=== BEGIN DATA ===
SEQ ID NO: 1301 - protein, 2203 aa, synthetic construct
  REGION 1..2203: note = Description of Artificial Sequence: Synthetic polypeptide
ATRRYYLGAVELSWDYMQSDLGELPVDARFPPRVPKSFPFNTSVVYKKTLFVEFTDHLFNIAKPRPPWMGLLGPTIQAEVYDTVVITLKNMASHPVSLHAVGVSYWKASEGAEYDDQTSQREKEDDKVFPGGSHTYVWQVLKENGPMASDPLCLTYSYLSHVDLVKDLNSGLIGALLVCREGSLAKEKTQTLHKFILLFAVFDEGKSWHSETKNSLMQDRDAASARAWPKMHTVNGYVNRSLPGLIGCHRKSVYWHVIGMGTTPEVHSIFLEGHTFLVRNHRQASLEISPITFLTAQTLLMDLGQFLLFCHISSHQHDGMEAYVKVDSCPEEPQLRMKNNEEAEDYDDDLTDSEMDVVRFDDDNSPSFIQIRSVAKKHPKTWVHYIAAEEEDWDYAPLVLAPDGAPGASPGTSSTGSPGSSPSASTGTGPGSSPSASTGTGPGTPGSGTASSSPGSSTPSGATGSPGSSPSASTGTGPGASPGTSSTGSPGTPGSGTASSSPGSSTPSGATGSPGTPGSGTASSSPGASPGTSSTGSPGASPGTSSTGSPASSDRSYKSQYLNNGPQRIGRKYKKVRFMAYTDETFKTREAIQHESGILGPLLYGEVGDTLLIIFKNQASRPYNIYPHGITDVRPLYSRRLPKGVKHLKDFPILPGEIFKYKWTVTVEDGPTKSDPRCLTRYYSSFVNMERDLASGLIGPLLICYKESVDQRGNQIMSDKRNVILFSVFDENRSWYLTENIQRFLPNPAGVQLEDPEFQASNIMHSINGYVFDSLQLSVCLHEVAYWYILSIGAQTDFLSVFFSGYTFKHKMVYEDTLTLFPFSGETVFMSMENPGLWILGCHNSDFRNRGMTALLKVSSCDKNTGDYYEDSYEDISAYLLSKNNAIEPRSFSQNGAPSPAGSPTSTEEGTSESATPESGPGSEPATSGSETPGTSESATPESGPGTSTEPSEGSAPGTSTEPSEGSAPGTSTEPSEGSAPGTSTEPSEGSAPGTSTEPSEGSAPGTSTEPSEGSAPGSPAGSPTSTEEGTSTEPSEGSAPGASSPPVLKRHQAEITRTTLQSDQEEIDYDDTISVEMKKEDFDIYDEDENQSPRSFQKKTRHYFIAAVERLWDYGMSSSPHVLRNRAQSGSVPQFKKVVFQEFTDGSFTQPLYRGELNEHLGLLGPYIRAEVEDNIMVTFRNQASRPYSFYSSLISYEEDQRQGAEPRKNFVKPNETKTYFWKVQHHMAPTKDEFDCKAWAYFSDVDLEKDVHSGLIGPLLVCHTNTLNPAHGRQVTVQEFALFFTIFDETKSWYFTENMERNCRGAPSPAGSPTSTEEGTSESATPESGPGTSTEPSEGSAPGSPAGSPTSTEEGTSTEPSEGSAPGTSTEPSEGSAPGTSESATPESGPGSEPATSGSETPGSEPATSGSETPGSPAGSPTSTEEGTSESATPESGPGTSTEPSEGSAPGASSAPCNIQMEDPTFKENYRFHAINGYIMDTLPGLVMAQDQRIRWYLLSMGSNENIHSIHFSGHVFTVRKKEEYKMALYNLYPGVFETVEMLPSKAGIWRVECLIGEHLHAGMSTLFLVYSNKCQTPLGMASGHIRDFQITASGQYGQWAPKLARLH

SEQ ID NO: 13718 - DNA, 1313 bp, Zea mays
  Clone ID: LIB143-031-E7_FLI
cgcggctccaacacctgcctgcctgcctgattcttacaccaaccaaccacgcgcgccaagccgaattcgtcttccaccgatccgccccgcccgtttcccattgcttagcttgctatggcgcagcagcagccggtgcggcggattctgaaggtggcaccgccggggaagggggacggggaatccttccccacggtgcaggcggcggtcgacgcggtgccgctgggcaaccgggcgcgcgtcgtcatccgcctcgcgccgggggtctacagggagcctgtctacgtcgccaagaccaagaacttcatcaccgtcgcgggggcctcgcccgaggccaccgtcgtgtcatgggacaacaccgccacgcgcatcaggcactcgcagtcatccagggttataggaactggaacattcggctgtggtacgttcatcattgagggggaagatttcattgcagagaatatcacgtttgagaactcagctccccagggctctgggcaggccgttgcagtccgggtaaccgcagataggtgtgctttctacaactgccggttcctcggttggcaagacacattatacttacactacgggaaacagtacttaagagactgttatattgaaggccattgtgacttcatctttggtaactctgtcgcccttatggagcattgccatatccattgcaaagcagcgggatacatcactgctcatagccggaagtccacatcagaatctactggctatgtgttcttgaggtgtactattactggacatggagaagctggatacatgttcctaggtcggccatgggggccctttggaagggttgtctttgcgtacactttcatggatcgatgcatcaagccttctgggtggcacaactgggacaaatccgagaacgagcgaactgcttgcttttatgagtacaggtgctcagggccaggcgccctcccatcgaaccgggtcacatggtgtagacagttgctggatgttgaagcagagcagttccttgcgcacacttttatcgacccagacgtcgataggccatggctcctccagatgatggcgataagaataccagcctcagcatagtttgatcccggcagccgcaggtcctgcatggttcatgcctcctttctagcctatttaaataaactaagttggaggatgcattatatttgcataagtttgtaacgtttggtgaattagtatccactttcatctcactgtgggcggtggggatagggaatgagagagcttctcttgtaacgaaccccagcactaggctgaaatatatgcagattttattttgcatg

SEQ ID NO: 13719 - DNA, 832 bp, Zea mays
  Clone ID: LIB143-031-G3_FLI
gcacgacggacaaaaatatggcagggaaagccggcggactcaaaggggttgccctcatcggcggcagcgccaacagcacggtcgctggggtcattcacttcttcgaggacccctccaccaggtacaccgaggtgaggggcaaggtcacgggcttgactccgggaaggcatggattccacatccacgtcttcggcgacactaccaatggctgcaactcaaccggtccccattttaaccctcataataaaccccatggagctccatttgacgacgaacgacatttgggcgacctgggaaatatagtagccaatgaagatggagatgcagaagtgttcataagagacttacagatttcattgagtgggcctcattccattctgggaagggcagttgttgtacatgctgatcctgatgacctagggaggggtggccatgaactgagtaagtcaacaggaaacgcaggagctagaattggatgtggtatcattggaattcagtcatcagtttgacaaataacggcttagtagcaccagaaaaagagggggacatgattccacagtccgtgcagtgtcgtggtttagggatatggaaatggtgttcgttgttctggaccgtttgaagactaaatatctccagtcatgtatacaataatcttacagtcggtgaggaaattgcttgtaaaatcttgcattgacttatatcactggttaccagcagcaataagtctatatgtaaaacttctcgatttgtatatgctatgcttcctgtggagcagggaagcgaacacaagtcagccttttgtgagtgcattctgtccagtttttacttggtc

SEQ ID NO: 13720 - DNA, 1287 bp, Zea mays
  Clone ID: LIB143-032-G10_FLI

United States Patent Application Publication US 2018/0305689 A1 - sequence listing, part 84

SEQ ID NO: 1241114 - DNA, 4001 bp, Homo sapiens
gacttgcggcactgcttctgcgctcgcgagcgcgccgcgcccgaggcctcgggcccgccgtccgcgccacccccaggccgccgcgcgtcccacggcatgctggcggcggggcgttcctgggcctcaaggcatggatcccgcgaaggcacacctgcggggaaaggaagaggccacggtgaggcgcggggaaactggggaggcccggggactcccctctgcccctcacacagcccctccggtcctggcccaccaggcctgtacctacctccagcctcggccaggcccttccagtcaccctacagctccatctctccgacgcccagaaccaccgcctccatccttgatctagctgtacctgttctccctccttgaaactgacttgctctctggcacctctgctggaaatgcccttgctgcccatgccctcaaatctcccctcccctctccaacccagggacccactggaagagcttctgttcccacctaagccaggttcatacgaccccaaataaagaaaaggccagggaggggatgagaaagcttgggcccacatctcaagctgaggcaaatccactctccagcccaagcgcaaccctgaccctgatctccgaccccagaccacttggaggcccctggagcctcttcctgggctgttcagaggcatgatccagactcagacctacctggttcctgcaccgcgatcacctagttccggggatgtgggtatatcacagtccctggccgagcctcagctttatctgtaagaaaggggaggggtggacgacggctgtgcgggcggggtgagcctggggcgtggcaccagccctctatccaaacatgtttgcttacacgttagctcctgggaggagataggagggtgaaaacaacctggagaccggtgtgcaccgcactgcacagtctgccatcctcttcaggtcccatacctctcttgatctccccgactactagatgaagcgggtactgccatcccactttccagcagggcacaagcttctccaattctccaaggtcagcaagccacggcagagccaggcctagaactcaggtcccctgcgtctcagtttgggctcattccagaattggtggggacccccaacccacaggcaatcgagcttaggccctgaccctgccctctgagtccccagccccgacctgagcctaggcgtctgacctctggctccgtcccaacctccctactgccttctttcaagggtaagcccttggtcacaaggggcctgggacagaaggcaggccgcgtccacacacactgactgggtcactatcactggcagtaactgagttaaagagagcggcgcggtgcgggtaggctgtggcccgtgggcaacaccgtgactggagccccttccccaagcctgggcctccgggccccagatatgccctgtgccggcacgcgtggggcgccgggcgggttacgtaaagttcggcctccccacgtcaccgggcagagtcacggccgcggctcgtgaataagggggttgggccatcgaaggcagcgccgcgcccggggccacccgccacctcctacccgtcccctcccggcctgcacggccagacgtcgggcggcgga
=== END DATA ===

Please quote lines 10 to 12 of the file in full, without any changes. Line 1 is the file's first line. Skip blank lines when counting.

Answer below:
SEQ ID NO: 13720 - DNA, 1287 bp, Zea mays
  Clone ID: LIB143-032-G10_FLI

United States Patent Application Publication US 2018/0305689 A1 - sequence listing, part 84